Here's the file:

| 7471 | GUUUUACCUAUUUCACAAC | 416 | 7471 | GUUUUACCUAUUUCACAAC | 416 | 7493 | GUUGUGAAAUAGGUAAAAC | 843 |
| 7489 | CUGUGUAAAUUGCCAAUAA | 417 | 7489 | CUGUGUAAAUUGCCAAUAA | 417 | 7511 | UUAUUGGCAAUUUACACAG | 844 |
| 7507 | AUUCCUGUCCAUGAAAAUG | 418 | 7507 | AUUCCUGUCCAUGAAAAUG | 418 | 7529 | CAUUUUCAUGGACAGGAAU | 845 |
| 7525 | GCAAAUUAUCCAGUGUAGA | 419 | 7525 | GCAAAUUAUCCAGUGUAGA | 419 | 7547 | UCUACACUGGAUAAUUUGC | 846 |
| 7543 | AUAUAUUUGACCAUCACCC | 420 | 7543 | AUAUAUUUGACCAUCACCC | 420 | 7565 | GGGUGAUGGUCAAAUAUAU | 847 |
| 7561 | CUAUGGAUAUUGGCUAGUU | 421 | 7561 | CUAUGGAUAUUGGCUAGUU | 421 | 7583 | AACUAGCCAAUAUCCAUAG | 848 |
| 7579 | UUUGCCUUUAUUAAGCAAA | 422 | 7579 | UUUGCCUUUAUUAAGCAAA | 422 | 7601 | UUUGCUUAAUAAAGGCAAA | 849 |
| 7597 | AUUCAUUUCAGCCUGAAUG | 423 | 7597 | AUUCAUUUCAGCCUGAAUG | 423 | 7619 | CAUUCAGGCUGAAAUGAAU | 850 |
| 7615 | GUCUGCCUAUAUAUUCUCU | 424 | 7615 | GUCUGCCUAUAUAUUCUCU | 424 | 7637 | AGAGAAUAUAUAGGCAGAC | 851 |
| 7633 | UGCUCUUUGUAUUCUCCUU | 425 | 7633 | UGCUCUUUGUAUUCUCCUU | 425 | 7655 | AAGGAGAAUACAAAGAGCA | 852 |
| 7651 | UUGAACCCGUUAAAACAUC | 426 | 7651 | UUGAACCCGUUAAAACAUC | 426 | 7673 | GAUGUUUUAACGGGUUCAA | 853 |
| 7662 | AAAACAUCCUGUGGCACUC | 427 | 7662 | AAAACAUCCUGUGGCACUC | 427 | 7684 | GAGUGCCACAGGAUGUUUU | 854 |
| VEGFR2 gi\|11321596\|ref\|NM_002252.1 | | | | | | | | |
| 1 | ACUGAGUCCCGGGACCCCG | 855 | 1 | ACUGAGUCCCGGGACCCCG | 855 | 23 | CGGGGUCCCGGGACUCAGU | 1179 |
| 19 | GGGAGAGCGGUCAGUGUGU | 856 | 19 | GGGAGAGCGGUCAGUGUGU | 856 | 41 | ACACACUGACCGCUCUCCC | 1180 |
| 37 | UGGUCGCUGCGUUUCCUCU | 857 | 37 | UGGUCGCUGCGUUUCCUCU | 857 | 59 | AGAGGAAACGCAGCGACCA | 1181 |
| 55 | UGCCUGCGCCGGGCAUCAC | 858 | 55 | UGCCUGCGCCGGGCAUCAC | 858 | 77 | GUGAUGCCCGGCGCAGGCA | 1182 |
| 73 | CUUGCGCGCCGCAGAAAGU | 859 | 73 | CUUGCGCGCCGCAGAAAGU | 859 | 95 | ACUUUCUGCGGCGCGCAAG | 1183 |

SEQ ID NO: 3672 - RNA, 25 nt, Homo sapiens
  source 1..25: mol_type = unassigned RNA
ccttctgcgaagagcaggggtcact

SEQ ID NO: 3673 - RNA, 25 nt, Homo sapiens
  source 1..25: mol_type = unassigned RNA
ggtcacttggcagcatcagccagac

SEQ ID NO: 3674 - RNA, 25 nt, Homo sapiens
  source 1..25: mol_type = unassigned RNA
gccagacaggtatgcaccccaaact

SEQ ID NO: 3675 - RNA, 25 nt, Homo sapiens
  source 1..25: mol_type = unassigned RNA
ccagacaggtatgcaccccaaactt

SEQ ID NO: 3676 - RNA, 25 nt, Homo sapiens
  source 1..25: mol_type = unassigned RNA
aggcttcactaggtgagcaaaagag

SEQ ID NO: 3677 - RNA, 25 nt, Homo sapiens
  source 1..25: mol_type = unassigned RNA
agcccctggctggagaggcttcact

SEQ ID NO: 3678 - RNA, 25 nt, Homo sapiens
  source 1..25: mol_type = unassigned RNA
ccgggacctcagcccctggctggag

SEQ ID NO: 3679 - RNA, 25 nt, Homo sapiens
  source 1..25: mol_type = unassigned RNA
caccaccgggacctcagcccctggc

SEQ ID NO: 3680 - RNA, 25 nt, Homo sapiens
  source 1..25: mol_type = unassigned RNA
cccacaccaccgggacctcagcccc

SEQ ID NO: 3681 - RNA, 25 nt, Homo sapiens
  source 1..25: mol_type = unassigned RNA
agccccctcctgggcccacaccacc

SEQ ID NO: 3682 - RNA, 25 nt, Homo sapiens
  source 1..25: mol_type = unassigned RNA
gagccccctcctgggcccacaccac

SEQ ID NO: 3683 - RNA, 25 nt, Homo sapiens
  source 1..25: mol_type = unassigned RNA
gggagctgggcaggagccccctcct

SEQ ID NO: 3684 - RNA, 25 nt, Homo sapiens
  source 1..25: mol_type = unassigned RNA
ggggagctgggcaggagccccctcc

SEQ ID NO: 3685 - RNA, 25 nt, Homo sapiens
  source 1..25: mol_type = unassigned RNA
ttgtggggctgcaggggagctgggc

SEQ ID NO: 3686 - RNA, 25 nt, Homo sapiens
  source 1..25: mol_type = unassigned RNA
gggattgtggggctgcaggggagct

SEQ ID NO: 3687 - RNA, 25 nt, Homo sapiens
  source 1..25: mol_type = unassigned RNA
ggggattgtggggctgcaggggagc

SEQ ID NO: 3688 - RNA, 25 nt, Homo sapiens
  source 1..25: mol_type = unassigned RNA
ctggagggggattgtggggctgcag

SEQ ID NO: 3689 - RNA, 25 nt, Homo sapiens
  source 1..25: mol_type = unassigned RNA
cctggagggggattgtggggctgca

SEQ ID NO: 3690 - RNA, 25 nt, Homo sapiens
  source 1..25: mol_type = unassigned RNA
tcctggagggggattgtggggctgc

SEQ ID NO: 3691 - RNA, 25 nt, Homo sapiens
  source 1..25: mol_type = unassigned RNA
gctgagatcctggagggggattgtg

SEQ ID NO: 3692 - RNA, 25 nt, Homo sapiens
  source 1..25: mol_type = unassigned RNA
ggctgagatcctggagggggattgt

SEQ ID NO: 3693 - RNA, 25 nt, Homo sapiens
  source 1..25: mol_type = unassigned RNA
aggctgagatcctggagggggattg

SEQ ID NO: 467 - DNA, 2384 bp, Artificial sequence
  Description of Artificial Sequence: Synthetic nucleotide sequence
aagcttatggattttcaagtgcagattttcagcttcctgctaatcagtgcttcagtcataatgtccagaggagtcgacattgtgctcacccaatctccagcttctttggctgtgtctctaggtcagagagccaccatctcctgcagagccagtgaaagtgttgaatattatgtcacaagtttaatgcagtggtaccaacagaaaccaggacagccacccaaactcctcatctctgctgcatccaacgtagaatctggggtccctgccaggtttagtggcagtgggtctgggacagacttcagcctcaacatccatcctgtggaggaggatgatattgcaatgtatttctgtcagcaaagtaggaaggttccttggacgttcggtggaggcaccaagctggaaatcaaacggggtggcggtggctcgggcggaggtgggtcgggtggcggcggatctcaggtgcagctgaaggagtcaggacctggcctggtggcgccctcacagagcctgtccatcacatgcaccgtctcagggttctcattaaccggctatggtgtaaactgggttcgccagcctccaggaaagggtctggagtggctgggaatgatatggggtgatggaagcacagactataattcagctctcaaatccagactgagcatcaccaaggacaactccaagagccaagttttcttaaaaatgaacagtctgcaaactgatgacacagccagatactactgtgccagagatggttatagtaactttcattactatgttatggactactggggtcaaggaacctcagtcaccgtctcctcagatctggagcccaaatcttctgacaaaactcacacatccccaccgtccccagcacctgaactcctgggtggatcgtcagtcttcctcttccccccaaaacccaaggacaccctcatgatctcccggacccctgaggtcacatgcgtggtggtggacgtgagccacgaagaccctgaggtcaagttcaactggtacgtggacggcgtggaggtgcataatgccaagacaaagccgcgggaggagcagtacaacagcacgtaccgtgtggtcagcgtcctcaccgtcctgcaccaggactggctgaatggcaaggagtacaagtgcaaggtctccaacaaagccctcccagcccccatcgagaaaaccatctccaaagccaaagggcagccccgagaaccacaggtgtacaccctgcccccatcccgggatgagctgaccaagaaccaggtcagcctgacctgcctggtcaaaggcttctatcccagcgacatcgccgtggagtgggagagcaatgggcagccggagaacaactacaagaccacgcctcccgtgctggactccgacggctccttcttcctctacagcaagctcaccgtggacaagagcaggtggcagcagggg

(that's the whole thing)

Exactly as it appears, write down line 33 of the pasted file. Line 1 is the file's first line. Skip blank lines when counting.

aggcttcactaggtgagcaaaagag